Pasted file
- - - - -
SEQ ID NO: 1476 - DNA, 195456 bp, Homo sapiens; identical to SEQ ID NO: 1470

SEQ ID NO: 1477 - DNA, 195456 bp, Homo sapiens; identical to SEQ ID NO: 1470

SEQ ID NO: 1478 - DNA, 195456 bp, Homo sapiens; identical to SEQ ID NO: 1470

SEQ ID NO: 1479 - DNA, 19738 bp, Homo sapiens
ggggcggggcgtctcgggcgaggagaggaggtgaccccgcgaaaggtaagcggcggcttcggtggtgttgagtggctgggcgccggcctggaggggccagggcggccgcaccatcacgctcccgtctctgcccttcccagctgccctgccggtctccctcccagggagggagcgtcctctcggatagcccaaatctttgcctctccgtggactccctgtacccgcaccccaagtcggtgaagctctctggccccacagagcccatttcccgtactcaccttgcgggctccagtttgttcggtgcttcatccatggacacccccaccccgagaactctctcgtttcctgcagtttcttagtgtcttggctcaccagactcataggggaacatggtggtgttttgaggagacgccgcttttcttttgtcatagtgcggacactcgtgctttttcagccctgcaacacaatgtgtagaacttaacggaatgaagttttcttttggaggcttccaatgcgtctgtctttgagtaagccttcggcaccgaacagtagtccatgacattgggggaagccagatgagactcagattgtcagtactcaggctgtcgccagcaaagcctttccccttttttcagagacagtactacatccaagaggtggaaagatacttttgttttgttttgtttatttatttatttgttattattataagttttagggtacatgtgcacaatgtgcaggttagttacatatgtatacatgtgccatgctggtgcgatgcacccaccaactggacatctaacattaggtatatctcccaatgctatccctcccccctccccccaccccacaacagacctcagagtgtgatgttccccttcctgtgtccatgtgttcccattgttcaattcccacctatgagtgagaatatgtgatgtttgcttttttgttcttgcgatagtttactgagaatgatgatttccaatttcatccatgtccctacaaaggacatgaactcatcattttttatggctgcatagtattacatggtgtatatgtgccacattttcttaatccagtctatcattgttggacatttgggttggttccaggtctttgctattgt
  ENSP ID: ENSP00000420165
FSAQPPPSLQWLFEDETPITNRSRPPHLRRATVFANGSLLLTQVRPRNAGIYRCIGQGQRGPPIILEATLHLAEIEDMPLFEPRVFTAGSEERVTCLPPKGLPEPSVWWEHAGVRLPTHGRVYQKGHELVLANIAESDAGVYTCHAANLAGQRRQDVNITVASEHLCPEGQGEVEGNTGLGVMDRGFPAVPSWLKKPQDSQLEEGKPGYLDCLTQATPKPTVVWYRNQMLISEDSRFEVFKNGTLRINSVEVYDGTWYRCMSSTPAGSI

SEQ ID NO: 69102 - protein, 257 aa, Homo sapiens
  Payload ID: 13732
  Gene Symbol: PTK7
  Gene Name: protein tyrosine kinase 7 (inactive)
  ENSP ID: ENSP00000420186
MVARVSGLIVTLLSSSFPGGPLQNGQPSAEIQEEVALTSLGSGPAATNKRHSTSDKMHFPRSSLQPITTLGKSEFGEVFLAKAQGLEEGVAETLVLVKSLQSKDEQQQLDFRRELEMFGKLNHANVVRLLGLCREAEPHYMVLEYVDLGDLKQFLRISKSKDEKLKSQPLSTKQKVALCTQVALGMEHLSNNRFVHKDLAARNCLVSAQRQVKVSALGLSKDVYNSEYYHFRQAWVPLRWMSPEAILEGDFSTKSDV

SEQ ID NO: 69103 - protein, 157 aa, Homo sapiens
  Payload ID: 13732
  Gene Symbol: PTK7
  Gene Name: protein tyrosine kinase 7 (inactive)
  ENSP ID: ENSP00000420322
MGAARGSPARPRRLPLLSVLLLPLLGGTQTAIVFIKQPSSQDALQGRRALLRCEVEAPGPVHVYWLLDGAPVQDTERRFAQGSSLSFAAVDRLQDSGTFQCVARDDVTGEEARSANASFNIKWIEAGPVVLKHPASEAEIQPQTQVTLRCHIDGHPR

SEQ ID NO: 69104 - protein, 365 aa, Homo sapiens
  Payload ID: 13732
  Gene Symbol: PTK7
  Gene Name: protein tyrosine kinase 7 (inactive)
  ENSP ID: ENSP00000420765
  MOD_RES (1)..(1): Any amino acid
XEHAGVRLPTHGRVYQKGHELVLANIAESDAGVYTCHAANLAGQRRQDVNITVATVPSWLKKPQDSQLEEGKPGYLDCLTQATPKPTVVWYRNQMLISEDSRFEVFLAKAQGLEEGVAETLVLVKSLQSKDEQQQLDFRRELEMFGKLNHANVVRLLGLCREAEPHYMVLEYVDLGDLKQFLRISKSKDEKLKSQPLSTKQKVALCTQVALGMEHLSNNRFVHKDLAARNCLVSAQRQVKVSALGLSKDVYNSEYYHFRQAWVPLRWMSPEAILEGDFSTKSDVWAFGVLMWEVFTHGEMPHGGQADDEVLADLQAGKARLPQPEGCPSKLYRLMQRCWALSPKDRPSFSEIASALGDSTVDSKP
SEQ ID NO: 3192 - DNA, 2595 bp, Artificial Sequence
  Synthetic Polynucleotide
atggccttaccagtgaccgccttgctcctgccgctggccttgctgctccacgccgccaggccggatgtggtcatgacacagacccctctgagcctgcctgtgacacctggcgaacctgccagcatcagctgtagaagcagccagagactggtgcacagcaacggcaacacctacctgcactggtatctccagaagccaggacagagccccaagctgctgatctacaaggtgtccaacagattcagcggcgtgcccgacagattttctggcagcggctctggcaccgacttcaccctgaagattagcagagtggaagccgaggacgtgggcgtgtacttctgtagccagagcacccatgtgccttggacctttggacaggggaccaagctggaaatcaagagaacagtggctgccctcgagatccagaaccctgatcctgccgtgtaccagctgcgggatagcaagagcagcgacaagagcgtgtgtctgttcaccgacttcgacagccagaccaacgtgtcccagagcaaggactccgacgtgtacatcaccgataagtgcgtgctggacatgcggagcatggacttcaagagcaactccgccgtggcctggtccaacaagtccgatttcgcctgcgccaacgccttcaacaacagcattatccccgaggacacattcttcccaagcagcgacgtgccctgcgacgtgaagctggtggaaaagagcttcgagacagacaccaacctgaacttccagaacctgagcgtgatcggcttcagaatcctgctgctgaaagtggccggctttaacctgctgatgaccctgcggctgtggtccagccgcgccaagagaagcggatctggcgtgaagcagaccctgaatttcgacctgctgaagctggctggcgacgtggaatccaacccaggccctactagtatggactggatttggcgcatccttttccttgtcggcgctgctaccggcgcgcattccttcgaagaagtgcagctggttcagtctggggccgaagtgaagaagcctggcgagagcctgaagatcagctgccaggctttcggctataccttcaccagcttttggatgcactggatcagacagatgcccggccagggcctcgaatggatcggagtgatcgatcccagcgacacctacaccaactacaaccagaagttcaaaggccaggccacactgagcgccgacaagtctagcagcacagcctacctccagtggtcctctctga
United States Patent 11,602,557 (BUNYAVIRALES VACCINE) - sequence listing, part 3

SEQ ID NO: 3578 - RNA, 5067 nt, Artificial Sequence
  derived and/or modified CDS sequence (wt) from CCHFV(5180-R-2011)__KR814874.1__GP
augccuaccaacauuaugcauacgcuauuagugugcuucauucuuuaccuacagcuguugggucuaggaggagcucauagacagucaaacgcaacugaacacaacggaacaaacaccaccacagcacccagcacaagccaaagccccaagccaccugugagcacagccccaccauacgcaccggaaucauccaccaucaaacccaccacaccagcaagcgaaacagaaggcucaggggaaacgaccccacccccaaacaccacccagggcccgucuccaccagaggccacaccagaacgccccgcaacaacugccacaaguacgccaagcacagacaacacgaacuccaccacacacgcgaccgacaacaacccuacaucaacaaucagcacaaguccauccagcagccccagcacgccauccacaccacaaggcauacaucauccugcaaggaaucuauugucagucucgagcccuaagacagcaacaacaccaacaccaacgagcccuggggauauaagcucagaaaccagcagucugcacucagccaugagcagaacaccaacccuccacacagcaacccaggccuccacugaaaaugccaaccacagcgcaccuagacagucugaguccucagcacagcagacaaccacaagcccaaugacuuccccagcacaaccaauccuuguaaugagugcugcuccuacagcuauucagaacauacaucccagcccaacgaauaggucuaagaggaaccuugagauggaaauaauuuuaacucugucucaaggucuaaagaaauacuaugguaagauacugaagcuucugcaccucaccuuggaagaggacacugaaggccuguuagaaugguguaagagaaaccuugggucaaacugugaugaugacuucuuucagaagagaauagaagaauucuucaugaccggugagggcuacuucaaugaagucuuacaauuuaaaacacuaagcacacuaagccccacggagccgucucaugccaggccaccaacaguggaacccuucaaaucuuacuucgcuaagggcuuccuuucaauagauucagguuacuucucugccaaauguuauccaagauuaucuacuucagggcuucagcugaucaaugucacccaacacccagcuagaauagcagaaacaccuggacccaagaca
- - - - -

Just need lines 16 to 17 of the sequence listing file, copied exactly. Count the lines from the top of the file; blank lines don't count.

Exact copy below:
  Gene Symbol: PTK7
  Gene Name: protein tyrosine kinase 7 (inactive)